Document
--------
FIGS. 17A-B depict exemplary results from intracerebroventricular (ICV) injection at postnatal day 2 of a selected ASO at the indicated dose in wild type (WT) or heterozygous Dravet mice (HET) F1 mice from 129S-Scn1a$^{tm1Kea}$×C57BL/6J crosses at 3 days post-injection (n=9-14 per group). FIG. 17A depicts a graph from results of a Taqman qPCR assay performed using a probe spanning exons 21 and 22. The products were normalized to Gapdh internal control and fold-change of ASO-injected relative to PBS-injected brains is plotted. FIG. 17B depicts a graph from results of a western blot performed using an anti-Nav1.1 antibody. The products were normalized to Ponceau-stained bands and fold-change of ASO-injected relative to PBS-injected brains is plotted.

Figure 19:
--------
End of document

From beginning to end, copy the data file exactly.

FIGS. 17A-B depict exemplary results from intracerebroventricular (ICV) injection at postnatal day 2 of a selected ASO at the indicated dose in wild type (WT) or heterozygous Dravet mice (HET) F1 mice from 129S-Scn1a$^{tm1Kea}$×C57BL/6J crosses at 3 days post-injection (n=9-14 per group). FIG. 17A depicts a graph from results of a Taqman qPCR assay performed using a probe spanning exons 21 and 22. The products were normalized to Gapdh internal control and fold-change of ASO-injected relative to PBS-injected brains is plotted. FIG. 17B depicts a graph from results of a western blot performed using an anti-Nav1.1 antibody. The products were normalized to Ponceau-stained bands and fold-change of ASO-injected relative to PBS-injected brains is plotted.

Figure 19: